Why is it so rare that employees look up to their boss? Why is it that most senior leadership are referred as more of the senior part and not so much the latter? How come more people don’t look up to the leader of the organization? Why is it so rare to find a visionary, humble, head of an organization?
In the future we’ll look up to leaders who understand and act upon these 3 must do’s.
1. You must have a clear vision.
If your staff don’t know where you’re going it’s going to be very difficult to follow you. If your vision isn’t simple most people won’t get it. If your purpose can’t be summed up in a short phrase, you probably haven’t drilled deep enough. If everyone on the board is comfortable with the simple vision, it’s not provocative enough. If you let a committee come up your purpose it isn’t going to get far. If you think the executive suite are the only ones who can come up with your purpose, you’re wrong. Purpose should be shared just as much with the top row and the front line employees. More often than not front line employees have a better grasp on what the company “actually” does than the executive row.
Business strategy that’s written by mbas is business strategy for mbas. Real people want simplicity, they want to know you care and they want to be a part of something bigger than themselves.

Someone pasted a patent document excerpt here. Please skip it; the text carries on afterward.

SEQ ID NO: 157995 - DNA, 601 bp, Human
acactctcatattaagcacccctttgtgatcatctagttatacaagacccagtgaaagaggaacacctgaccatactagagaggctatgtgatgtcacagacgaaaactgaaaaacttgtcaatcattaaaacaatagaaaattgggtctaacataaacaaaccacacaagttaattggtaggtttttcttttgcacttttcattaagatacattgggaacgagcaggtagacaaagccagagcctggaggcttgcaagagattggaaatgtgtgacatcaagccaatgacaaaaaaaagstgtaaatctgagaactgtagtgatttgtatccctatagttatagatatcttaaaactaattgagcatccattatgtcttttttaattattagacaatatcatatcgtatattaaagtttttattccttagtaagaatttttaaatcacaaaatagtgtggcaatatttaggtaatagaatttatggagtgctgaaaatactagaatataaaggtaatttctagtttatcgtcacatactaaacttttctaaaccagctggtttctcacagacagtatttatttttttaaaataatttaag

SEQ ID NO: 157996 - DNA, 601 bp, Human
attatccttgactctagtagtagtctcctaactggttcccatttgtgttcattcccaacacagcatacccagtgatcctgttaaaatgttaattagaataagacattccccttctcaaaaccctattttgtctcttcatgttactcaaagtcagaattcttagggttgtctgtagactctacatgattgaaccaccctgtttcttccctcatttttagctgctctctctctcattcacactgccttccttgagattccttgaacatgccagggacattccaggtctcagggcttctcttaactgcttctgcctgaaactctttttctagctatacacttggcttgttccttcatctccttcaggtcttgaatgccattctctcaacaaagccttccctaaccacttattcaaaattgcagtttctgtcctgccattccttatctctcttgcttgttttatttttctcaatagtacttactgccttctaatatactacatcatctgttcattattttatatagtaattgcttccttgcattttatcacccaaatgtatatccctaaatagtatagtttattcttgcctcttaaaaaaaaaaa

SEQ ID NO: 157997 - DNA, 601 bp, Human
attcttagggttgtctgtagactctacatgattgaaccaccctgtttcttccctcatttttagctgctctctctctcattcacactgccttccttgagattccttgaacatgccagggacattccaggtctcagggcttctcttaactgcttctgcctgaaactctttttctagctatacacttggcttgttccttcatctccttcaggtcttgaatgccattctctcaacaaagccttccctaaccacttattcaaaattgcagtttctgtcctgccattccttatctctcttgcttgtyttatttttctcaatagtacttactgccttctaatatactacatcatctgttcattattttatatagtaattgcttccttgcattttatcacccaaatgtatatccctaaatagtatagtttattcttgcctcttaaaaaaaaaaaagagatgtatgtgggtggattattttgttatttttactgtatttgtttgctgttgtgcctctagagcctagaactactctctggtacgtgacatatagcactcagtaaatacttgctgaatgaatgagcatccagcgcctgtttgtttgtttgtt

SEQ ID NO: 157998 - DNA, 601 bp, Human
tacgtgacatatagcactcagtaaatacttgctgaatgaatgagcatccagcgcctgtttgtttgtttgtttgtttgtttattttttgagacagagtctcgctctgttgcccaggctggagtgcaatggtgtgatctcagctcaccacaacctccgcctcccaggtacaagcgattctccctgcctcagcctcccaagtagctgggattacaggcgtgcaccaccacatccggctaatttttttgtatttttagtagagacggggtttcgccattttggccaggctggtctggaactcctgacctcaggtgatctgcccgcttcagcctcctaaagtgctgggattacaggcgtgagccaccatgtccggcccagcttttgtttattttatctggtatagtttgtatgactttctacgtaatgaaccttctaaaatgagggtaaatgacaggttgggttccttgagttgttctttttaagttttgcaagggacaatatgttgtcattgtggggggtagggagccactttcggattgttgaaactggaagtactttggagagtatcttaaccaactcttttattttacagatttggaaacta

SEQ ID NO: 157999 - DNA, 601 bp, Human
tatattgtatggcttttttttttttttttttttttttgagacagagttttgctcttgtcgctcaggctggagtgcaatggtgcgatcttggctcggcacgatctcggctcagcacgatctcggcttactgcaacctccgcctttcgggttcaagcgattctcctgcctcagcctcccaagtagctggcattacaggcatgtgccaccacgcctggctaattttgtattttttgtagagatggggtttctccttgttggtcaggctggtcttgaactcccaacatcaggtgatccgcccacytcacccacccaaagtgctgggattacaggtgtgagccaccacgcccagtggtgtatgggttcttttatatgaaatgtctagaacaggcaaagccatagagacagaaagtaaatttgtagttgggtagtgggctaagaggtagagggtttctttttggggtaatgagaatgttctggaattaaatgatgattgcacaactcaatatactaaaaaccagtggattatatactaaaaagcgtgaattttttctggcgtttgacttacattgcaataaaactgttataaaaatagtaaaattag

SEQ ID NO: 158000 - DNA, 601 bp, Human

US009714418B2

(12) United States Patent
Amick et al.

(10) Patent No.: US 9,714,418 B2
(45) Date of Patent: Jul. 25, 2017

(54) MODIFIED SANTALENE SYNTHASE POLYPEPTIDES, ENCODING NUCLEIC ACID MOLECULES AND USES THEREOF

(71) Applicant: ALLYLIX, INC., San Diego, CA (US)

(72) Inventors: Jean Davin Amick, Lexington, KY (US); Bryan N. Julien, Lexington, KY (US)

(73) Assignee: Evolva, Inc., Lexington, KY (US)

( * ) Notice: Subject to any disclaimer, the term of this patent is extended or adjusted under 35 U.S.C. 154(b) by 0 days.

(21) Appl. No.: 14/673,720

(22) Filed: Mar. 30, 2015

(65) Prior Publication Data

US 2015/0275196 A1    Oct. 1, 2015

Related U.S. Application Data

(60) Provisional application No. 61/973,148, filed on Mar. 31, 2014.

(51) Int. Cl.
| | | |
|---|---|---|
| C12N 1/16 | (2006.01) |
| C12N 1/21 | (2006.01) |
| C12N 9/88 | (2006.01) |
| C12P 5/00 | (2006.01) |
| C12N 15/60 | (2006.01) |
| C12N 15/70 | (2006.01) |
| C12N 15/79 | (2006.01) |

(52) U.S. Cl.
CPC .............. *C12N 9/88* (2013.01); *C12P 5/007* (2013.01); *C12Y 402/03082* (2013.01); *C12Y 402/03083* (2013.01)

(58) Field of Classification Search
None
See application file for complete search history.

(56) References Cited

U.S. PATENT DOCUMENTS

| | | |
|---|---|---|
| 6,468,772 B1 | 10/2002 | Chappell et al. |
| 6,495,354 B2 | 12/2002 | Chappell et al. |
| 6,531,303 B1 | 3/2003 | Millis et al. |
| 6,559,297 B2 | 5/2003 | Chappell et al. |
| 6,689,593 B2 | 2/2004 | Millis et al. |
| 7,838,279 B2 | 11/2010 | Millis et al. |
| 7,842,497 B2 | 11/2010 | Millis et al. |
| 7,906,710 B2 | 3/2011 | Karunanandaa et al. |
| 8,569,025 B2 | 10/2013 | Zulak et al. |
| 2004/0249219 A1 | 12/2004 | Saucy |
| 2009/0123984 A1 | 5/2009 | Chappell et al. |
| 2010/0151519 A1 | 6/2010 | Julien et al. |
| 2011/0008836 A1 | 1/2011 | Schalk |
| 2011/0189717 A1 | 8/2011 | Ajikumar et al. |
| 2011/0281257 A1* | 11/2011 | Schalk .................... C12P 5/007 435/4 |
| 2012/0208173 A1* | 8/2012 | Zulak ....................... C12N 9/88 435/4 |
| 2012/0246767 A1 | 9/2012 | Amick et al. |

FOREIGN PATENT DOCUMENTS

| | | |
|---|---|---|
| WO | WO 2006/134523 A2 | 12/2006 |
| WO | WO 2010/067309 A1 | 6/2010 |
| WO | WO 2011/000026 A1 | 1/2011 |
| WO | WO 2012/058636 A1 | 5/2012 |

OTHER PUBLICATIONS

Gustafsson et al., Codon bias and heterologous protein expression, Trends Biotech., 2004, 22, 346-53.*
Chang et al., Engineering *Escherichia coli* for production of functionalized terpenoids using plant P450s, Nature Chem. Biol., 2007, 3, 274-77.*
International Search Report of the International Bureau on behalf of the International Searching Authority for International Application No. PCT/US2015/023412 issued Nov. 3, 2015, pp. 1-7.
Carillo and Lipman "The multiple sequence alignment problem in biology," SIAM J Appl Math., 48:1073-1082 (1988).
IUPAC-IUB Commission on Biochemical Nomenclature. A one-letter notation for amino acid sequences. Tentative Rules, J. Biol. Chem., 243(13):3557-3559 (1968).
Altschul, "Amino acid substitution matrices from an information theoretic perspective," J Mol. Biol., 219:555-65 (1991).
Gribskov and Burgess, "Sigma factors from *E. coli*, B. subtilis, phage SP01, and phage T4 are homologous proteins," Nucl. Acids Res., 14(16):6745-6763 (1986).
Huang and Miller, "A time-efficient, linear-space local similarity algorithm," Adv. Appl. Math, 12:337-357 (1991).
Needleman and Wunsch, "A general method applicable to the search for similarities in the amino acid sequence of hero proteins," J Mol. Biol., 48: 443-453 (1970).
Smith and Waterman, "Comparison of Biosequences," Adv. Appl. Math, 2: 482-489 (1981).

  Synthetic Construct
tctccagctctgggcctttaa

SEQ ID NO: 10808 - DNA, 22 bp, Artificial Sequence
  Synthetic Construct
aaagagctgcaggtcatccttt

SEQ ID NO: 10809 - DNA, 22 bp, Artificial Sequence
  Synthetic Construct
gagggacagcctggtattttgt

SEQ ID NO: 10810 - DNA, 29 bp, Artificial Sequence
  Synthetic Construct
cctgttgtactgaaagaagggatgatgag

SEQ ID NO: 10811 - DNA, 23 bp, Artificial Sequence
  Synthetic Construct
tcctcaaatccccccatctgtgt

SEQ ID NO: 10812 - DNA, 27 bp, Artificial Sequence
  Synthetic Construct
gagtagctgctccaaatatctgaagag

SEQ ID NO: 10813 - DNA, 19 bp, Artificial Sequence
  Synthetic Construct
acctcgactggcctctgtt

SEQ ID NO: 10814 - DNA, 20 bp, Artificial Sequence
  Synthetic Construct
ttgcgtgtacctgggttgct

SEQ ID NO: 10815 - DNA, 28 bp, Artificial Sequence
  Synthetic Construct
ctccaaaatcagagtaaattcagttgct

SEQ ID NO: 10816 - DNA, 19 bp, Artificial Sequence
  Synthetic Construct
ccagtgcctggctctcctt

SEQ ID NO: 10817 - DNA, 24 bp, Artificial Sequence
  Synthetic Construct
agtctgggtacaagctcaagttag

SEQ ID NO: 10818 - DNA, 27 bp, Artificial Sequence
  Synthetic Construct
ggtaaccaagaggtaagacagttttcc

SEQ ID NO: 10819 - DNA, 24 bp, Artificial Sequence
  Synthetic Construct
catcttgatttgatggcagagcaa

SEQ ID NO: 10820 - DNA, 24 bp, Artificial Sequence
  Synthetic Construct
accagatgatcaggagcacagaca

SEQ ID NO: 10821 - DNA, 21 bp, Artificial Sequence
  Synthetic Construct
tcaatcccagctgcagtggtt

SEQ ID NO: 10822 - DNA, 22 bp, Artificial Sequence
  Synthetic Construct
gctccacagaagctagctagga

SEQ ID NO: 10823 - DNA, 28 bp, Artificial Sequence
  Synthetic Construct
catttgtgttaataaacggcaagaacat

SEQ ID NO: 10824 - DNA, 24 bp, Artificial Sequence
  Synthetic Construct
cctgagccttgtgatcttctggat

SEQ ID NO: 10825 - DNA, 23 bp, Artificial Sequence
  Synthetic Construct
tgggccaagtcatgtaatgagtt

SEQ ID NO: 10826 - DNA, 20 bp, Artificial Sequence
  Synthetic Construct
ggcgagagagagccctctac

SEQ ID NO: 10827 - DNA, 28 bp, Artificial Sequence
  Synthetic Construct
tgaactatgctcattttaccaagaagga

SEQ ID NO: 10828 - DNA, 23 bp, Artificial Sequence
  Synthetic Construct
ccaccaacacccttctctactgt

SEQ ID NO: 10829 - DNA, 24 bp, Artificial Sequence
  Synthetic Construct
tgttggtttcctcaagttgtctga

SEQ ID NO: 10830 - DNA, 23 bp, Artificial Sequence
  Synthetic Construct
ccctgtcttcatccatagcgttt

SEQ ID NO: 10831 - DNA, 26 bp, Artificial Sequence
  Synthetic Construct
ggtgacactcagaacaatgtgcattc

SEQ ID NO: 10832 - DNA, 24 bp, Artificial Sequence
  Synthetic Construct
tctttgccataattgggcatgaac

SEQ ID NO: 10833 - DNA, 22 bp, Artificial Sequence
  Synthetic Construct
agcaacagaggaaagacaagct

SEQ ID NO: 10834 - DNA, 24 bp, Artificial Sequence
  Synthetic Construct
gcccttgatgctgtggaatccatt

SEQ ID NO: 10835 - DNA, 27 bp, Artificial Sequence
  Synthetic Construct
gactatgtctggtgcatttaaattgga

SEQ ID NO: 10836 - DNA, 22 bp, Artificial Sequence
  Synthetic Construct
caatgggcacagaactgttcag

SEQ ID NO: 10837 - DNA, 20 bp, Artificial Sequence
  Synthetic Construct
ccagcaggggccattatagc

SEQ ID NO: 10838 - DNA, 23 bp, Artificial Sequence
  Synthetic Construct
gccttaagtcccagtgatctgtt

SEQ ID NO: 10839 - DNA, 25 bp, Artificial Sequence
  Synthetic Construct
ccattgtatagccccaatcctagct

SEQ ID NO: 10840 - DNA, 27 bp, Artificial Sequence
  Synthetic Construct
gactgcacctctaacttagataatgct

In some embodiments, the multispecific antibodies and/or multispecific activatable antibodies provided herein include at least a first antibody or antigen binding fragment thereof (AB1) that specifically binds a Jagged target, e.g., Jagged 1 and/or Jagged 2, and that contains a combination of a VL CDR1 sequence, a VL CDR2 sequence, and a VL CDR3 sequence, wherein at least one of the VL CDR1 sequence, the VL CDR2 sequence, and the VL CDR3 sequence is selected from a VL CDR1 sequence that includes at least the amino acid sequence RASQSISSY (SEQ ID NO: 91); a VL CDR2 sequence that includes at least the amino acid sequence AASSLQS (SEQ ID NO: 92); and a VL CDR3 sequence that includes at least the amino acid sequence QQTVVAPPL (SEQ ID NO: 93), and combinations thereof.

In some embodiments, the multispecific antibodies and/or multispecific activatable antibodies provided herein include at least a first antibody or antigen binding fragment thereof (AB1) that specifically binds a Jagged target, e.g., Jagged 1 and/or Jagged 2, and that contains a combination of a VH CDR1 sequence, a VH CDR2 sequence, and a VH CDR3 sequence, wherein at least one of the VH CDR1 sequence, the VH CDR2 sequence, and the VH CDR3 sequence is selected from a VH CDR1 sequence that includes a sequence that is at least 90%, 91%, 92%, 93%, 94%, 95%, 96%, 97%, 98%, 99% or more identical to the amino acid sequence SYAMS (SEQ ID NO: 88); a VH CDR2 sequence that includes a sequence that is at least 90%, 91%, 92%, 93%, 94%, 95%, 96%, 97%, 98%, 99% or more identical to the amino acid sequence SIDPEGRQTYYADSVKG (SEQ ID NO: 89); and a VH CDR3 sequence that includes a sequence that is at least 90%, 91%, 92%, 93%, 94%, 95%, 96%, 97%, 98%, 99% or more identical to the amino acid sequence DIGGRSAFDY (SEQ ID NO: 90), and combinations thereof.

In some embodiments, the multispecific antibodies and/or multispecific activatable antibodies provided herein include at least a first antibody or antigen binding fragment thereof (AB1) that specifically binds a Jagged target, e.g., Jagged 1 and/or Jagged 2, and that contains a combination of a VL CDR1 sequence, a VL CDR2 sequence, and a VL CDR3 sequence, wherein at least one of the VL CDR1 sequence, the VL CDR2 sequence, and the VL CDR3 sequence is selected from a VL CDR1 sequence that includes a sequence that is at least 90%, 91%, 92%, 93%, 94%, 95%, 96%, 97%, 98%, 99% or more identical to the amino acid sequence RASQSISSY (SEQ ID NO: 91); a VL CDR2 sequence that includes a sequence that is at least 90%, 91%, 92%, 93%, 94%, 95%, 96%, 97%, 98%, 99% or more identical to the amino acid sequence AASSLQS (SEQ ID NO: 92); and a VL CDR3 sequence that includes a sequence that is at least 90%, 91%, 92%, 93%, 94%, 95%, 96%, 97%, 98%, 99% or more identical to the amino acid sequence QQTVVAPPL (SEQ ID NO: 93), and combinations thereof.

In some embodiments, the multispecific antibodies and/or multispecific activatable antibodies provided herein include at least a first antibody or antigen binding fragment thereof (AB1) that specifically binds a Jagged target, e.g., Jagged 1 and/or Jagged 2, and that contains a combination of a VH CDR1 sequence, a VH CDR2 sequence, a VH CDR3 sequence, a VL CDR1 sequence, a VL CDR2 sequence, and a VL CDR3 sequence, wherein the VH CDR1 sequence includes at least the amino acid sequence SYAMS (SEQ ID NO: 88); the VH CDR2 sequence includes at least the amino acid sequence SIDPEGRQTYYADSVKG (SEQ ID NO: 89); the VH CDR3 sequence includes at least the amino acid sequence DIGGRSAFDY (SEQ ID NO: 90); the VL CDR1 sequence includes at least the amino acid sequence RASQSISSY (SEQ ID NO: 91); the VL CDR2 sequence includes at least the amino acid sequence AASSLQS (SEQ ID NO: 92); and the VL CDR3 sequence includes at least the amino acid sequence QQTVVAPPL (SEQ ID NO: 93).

2. Actually care about people.
Don’t just say you care about people, that’s cliche and every company says they care about their people, very few actually show it.
You can tell what people and organizations care about by how they allocate their resources.
You show people you care with your actions and how you spend your time and your money. Every company says they care about their people but how many create a bottom up feedback system? How many leaders actually have an open door policy? How many leaders would actually encourage employees to speak up when they disagree with a decision?
You show employees or members that you care when you listen to them, when you actively seek their feedback, when you truly want them to be a part of the decision making. If you truly do care about the people you work with, you’ll try to help them. When employees feel their voice will be heard and that they can make a difference, it’s like they’re working with a super power.
Anything becomes possible when the people we look up to empower us to achieve more than we are capable of.
3. Be the hardest working person in the organization.
Leadership is service. Leaders work harder than everyone else, they rarely take credit and they put more fires out than anyone else. Leadership isn’t glamorous, it’s hard work.
Having people look up to you, rely on you, being a part of your team, is a small reward. The larger reward in this situation is watching the people under grow into a better leader, manager, and team player than you ever could be. Leadership is the humble act of always putting others first. When you find you’ve groomed a candidate that people look up to, are inspired by and that works harder than you do, you know you’ve done your job.
The goal of leadership is not to be indispensable, it’s quite the opposite. The goal of leadership is the day you don’t show up, everyone knows exactly what to do and the sustaining work to keep the organization is done.
Leadership is the highest form of service. Never forget that.